PRACTICAL INFORMATION: From Costa Rei drive south along SP18 and continue on until you a sign pointing to Cala Sinzias. There are several access points. Parking is very limited and you will be tempted to leave your car on the main road. Don’t do that, unless you don’t mind risking a fine.
Cala Pira (Castiadas)
Further south from Cala Sinzias, Cala Pira is a truly nice beach at about 15 minutes drive from Costa Rei, perfect on a windy day. As there is a rather large parking lot right nearby, and it is easy accessible, it tends to get quite crowded. Nevertheless, it remains pleasant and an excellent place for a relaxing day.
The shallow, clear waters, the sand and the Aragonese protective tower at one of its end make it a really scenic place. The local kiosk serves light meals and rents out whatever you may need for the day. There is a lifeguard on duty.
At the end of the summer of 2019, dolphins decided to show up at Cala Pira beach, much to the amusements of those who were at the beach then. The video above, which went viral, was filmed by my cousin and reported by a local news channel. The voices you hear are hers, her husband and their kids.
PRACTICAL INFORMATION: From Costa Rei take SP18 and continue on until you find a sign that points to Cala Pira – drive slowly or else won’t notice it. There is a parking lot where you’ll have to pay for either the whole day or half of it.
Portu de S’Illixi and Cala sa Figu (Muravera)
I keep hoping these two adjacent beaches never get fully discovered, as even on a peak summer day they are blissfully quiet and not nearly as crowded as the rest. The fact that they aren’t easily accessed, that the road to get there isn’t easily marked and there is a bit of a walk on uneven terrain to get to the beaches certainly help.
My favorite of the two is Cala Sa Figu. It’s really small, with fine sand and water that is as clear at it gets – perfect for snorkeling.
Both beaches are quite secluded so you won’t find services such as a kiosk, umbrellas or even a toilet. There is no lifeguard on duty.
PRACTICALI INFORMATION: To get to these two beaches, drive north towards Olia Speciosa. After about 5 km turn right onto SP97 towards Capo Ferrato. It will take you about 25 minutes to get there.
Costa Rei is a great place to have a try at pretty much any water sport and activity you can think of. Depending on the wind, you can try windsurfing and kitesurfing, catamaran hobie cat. Wave surfing isn’t possible – although Sardinia is a good destination for surfing, the beach in Costa Rei isn’t a good spot. But if that is something you like doing, you may want to look for a surfing spot that is close by.
Other water activities that you could try include fun tubing and kayaking. If you don’t have your own, you can rent a kayak in one of the many kiosks along the beach.
Diving in Costa Rei
Costa Rei isn’t exactly a diving destination, but there are a few spots here and there where you can have a good dive. The best site is at Sant’Elmo’s Rock, a small rock that emerges from the water and under which there apparently is incredible marine life. Other than that, other diving spots are in Capo Carbonara protected marine area, near Villasimius, and further north towards Capo Ferrato.
The nearby islands
Not far from Costa Rei there are a few small islands you can see on a boat trip.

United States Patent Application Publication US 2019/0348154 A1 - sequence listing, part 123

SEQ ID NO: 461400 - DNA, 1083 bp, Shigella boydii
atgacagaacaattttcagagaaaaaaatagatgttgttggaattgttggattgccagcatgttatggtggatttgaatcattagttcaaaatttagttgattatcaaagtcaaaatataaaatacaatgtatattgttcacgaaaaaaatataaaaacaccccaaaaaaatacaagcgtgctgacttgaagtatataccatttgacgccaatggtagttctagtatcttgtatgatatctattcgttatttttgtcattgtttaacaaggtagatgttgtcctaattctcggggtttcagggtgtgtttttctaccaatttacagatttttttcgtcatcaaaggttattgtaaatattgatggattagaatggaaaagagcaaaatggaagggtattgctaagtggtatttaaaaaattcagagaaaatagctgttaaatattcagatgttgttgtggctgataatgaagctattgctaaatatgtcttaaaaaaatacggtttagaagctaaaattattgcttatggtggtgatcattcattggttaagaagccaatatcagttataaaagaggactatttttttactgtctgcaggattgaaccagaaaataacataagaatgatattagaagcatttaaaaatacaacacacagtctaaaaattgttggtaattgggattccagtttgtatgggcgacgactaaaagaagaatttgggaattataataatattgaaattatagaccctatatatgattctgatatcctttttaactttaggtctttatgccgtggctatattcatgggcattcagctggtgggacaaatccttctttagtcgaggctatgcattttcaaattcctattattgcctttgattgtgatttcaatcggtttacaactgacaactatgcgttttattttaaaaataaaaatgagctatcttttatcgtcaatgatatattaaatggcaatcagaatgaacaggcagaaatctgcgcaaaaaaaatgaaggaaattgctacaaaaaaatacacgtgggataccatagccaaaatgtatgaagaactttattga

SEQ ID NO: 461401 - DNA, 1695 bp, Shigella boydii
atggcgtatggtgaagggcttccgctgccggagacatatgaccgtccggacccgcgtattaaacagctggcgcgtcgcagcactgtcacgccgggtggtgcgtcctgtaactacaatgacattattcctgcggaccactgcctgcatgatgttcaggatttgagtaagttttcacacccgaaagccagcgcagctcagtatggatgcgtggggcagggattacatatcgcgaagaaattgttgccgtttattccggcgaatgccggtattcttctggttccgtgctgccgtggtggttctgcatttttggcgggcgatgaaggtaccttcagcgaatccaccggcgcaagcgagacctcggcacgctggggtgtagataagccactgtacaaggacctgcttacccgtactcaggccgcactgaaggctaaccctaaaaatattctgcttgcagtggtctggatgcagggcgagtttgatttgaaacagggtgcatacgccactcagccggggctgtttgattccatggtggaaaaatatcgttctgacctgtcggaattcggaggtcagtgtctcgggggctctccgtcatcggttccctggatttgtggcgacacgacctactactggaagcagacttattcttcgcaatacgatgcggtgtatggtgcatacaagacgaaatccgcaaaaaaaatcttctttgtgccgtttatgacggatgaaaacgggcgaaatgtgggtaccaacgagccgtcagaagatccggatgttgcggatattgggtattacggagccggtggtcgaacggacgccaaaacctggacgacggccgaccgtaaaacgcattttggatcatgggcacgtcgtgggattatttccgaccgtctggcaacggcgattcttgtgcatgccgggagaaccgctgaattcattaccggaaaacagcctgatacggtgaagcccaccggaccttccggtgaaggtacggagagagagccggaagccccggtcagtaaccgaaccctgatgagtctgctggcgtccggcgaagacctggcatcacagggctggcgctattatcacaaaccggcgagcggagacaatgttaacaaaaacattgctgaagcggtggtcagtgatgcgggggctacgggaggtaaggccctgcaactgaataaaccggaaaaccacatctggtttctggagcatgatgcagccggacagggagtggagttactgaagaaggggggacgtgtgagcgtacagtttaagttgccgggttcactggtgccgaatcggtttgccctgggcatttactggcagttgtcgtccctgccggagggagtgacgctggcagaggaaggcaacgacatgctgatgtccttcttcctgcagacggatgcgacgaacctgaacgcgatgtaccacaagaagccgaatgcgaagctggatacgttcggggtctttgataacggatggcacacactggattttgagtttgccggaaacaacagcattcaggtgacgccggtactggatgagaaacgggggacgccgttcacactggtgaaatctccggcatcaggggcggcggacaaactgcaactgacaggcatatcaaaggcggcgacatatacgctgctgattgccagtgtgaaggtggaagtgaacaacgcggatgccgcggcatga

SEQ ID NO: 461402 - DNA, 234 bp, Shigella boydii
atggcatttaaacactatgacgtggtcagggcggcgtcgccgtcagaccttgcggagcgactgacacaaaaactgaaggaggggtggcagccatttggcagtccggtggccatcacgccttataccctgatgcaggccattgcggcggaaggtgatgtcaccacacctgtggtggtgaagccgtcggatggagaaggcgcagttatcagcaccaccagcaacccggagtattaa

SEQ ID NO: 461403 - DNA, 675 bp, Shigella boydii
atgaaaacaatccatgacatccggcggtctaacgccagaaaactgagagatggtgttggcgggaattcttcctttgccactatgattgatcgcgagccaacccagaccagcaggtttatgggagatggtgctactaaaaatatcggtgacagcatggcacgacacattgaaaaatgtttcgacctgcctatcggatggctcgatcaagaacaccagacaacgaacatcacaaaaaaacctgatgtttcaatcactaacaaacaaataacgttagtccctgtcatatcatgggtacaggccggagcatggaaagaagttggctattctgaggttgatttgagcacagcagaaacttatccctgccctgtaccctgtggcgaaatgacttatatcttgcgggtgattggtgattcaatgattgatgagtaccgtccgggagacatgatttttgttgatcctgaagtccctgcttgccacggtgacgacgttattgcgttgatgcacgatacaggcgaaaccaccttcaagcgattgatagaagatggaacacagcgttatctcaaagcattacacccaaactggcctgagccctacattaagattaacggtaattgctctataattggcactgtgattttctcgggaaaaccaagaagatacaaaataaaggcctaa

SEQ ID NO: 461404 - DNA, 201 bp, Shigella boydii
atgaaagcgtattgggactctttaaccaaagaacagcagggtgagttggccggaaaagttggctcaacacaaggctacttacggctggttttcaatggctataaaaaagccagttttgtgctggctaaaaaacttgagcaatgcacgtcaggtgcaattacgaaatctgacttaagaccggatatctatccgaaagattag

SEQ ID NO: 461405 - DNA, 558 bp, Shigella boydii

The largest one is called Serpentara; it has the shape of a crocodile and belongs to the protected marine area of Capo Carbonara. You can get close to it by boat, but it is forbidden to dock and to disembark at it is a highly protected area.
The other island is called Isola dei Cavoli, a poor transliteration of the Sardinian word “cavurus” which means “crab” (cavoli on the other hand means cabbage). It is located at about 1 km from Capo Carbonara and belongs to the protected marine area of Capo Carbonara. It’s a fabulous place to go snorkeling.
Other than the marine life, one of the most interesting sightings there is the underwater statue of the Virgin of the Sea. The statue, by Sardinian artist Pinuccio Sciola, was placed there in 1979. Boats can dock on the back side of the island and from there you can follow a short trail to get to the lighthouse.
PRACTICAL INFORMATION: Boat trips that go to Isola dei Cavoli depart several times per week from Costa Rei beach. The best place to enquire is the kiosk you can access from Via dei Gigli. The trip lasts around 5 hours and goes to the island and to various beaches in the area of Villasimius. It costs €45.
Running and walking
My favorite walk in the area of Costa Rei is the one that goes to the lighthouse in Capo Ferrato, through a gorgeous Mediterranean pine forests. You just have to drive towards north until you reach Capo Ferrato to get to the pine forest and then it’s pretty self evident.
For the best views in Costa Rei, walk up the hill to what is locally known as “casa della contessa” (countess’ house). It’s an abandoned building that is visible from pretty much anywhere in Costa Rei. There are several legends about it – including that the countess left during a fire, and that she hid a treasure on the walls (hence why the house was vandalized). I have often dreamt of buying the property and turn it into a nice small hotel – which would have the most incredible sunrise views.
If you are into running, you can follow Via Ichnusa heading north and after the first km of running on the road, you will have a nice trail which is perfect for running.